The use of safety-seeking behavior in exposure-based treatments for fear and anxiety: Benefit or burden? A meta-analytic review

Ann Meulders*, Tom Van Daele, Stéphanie Volders, Johan W S Vlaeyen

*Corresponding author for this work

Research output: Contribution to journalReview articlepeer-review

Abstract

There is a longstanding debate whether allowing safety-seeking behaviors (SSBs) during cognitive-behavioral treatment hampers or facilitates the reduction of fear. In this meta-analysis, we evaluate the impact of SSBs on exposure-based fear reduction interventions. After filtering 409 journal articles, 23 studies were included for systematic review of which 20studies were coded for meta-analysis. For each study, the Standardized Mean Difference (SMD or Hedges' g) of self-reported fear was calculated at post-intervention. Two comparisons were distinguished: I) exposure without safety-seeking behavior (SSB-) versus baseline behavior (BL), and II) exposure with safety-seeking behavior (SSB+) versus BL. The results showed that average effect sizes were in favor of SSB-, (I: SMD=0.31, 95% CI [-0.04, 0.66]), and in favor of BL, (II: SMD=-0.13, 95% CI [-0.37, 0.11]). Neither of the effect sizes were statistically significant (I: Z=1.75, p=.08; II: Z=1.07, p=.28). The current meta-analysis could not provide compelling evidence supporting either the removal or addition of SSB during exposure. More systematic and statistically empowered replications, using comparable research methods, in (non-)clinical settings are needed. Novel insights from fear conditioning research may also shed light on the role of SSB in fear reduction.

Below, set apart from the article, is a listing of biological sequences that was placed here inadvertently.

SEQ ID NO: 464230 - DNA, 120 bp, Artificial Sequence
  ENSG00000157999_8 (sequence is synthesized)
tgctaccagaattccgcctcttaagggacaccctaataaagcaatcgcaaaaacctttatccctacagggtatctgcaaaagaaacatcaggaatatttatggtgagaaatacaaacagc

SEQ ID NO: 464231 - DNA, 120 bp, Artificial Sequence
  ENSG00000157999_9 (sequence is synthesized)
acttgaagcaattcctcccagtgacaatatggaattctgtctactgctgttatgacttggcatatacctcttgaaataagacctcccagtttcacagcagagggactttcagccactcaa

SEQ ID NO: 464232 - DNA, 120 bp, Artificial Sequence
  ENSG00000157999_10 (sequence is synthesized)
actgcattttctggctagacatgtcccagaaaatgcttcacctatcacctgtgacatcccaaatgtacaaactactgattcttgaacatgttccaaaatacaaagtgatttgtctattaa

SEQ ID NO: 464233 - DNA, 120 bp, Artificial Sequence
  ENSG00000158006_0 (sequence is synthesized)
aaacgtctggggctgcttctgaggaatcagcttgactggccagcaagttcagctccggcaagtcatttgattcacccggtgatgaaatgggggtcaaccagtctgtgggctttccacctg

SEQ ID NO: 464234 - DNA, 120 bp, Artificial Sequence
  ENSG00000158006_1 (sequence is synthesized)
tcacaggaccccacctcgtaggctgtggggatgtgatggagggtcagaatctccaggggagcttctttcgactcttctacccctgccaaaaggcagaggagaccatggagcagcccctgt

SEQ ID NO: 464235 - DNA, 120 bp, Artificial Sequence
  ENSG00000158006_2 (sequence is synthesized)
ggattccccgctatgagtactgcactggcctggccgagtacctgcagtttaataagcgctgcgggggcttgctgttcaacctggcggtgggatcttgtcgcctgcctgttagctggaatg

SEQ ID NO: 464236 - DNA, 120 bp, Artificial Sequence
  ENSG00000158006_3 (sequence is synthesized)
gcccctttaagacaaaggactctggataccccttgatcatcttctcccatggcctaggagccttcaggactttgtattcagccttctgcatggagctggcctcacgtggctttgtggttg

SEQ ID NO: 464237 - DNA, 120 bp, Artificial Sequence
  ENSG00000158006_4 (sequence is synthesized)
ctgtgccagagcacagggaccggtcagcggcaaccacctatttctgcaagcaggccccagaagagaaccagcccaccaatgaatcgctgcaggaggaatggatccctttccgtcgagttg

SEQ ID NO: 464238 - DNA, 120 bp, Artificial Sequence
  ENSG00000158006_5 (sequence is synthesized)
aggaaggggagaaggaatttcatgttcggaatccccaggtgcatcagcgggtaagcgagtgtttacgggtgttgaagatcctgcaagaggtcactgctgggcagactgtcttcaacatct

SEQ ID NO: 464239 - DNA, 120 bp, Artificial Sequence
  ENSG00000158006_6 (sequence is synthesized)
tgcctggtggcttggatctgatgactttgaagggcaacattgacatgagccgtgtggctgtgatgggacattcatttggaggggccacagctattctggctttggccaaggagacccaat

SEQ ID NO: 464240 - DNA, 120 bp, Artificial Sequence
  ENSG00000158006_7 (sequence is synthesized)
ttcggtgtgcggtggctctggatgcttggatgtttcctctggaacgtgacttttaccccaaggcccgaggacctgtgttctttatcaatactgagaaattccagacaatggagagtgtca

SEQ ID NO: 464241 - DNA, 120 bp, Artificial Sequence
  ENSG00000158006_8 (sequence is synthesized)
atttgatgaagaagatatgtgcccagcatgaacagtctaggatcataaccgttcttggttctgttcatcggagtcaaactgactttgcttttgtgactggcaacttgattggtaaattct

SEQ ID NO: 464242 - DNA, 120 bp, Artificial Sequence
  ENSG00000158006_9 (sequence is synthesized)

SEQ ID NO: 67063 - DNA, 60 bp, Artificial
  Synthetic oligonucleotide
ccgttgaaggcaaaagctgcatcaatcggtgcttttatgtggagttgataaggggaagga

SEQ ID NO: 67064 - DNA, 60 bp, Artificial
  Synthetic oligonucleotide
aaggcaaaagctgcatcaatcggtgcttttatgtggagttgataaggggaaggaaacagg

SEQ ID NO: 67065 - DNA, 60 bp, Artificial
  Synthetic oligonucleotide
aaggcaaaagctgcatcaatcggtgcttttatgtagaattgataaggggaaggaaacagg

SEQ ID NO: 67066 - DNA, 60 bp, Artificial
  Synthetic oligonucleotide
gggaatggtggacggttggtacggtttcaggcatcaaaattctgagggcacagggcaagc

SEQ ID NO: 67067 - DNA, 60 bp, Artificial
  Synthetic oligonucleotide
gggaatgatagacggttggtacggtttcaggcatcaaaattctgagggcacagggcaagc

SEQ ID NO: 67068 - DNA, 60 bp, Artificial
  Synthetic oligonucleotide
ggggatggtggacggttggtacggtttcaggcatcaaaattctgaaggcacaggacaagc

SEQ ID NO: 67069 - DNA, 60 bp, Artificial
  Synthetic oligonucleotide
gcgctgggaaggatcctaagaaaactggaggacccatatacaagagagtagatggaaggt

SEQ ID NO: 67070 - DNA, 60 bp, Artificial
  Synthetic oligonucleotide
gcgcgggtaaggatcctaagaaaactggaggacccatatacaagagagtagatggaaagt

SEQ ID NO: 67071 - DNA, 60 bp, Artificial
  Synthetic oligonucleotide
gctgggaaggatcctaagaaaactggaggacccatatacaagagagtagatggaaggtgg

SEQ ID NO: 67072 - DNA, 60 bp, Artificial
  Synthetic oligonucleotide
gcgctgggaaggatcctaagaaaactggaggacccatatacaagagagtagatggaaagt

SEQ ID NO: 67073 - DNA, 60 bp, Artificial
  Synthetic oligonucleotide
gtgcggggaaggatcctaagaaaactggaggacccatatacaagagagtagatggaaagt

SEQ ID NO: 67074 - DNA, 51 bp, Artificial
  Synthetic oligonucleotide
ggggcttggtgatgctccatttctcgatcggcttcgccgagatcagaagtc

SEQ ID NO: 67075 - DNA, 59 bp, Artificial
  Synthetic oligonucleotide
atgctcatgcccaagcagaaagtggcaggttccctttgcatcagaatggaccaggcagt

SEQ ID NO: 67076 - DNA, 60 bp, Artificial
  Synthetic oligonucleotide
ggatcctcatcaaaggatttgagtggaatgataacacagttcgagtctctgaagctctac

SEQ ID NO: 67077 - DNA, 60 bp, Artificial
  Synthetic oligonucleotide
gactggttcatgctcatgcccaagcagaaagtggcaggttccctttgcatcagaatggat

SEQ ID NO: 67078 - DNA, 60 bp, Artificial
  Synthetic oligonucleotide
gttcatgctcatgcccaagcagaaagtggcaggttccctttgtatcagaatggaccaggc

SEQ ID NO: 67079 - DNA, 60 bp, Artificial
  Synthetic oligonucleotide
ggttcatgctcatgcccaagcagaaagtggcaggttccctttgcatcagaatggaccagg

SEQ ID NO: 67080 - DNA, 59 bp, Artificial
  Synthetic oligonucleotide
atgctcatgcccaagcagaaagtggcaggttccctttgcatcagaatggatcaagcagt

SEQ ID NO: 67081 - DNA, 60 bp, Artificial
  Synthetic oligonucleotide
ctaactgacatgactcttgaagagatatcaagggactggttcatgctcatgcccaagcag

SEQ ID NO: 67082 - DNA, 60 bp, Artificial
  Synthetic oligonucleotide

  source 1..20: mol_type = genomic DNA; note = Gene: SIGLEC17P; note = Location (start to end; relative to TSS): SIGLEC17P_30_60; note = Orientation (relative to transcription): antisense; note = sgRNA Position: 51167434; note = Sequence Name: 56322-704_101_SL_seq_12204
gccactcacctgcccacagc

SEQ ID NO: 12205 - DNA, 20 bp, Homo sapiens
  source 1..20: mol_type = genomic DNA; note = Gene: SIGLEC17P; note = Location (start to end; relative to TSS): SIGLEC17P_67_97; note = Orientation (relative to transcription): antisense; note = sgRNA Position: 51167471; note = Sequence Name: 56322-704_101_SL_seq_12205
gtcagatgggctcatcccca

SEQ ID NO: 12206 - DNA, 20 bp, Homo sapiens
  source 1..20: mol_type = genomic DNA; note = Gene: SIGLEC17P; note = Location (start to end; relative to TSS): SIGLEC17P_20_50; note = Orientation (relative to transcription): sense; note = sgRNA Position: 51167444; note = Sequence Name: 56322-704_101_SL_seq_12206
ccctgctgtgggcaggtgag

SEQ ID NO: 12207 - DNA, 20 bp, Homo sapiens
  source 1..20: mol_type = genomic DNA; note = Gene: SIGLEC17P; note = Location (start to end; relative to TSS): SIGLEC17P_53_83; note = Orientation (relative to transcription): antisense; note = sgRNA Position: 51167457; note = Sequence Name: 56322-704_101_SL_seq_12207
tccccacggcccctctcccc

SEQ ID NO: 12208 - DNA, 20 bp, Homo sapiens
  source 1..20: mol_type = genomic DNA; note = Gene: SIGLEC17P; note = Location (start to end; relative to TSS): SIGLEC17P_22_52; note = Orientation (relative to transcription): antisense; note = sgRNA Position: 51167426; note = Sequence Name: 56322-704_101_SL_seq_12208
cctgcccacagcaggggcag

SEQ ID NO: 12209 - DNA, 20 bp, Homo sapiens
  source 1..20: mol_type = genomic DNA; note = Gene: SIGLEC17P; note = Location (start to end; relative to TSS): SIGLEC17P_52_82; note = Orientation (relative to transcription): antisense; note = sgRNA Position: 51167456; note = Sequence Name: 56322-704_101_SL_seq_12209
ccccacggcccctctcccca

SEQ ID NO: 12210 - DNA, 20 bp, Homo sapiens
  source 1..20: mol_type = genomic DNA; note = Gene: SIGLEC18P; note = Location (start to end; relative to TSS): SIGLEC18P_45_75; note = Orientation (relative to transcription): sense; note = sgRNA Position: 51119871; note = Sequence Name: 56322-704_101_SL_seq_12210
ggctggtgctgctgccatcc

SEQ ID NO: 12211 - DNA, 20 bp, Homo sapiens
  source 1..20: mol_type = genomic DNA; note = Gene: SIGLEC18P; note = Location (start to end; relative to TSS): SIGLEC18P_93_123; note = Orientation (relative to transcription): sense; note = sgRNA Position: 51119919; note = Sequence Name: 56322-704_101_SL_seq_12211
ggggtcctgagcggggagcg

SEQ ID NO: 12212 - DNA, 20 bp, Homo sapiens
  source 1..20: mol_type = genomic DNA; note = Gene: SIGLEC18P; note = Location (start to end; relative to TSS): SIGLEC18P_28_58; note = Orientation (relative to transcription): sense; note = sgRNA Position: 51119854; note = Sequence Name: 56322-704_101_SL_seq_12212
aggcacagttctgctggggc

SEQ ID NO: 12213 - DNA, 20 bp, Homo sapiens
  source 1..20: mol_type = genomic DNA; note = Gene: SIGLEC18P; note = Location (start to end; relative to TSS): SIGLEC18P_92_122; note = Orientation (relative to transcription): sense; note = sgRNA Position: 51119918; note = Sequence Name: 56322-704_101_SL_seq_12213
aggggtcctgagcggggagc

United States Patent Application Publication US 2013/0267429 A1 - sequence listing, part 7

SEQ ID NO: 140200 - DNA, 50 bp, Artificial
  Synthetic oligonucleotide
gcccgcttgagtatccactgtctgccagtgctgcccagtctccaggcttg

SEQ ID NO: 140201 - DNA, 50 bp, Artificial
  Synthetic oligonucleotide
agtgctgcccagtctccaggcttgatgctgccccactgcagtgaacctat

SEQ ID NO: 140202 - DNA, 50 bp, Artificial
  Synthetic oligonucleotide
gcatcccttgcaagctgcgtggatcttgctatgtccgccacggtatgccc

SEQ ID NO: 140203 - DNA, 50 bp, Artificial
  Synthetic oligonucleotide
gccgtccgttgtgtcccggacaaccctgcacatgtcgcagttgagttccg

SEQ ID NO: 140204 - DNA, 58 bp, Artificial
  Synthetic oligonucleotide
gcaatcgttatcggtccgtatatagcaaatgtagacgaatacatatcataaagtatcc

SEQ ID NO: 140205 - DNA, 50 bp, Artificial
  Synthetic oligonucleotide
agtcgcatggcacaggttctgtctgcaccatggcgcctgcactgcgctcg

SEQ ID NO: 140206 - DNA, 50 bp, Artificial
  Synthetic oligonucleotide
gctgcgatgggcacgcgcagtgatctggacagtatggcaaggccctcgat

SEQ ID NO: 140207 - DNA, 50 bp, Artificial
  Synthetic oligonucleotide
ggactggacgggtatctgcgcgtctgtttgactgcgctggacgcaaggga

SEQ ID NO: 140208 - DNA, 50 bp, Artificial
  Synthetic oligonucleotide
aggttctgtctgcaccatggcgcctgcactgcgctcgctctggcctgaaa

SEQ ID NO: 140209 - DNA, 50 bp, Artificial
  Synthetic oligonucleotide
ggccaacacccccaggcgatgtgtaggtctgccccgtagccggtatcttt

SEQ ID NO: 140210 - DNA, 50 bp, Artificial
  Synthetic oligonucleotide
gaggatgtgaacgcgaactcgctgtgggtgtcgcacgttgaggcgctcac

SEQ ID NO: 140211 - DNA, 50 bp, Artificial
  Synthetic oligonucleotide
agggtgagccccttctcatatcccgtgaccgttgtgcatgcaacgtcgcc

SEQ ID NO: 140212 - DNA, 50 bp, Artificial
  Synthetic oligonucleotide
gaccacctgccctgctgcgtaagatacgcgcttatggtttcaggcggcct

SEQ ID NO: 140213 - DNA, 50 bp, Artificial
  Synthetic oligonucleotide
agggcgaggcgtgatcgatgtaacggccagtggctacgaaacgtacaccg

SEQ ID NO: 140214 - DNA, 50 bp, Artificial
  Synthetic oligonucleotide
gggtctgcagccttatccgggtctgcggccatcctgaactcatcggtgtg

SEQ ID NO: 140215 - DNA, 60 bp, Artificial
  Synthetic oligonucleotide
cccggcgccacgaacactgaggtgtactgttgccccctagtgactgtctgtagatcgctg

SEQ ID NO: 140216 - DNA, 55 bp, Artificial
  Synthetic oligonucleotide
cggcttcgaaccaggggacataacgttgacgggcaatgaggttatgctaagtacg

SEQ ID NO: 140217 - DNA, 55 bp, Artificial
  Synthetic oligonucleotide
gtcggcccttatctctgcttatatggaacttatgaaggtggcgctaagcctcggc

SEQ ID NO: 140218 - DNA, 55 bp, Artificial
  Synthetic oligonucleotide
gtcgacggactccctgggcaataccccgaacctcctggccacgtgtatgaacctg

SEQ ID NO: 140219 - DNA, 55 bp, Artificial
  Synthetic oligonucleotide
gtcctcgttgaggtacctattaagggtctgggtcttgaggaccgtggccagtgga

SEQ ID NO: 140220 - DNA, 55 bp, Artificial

Original languageEnglish
Pages (from-to)144-156
Number of pages13
JournalClinical Psychology Review
Volume45
DOIs
Publication statusPublished - Apr 2016

Keywords

  • Safety-seeking behavior
  • Exposure
  • Fear
  • Anxiety
  • Meta-analysis
  • Review
  • MOVEMENT-RELATED PAIN
  • CHRONIC MUSCULOSKELETAL PAIN
  • RANDOMIZED CONTROLLED-TRIAL
  • SOCIAL ANXIETY
  • PANIC DISORDER
  • HEALTH ANXIETY
  • BACK-PAIN
  • THERAPY
  • EXTINCTION
  • PHOBIA

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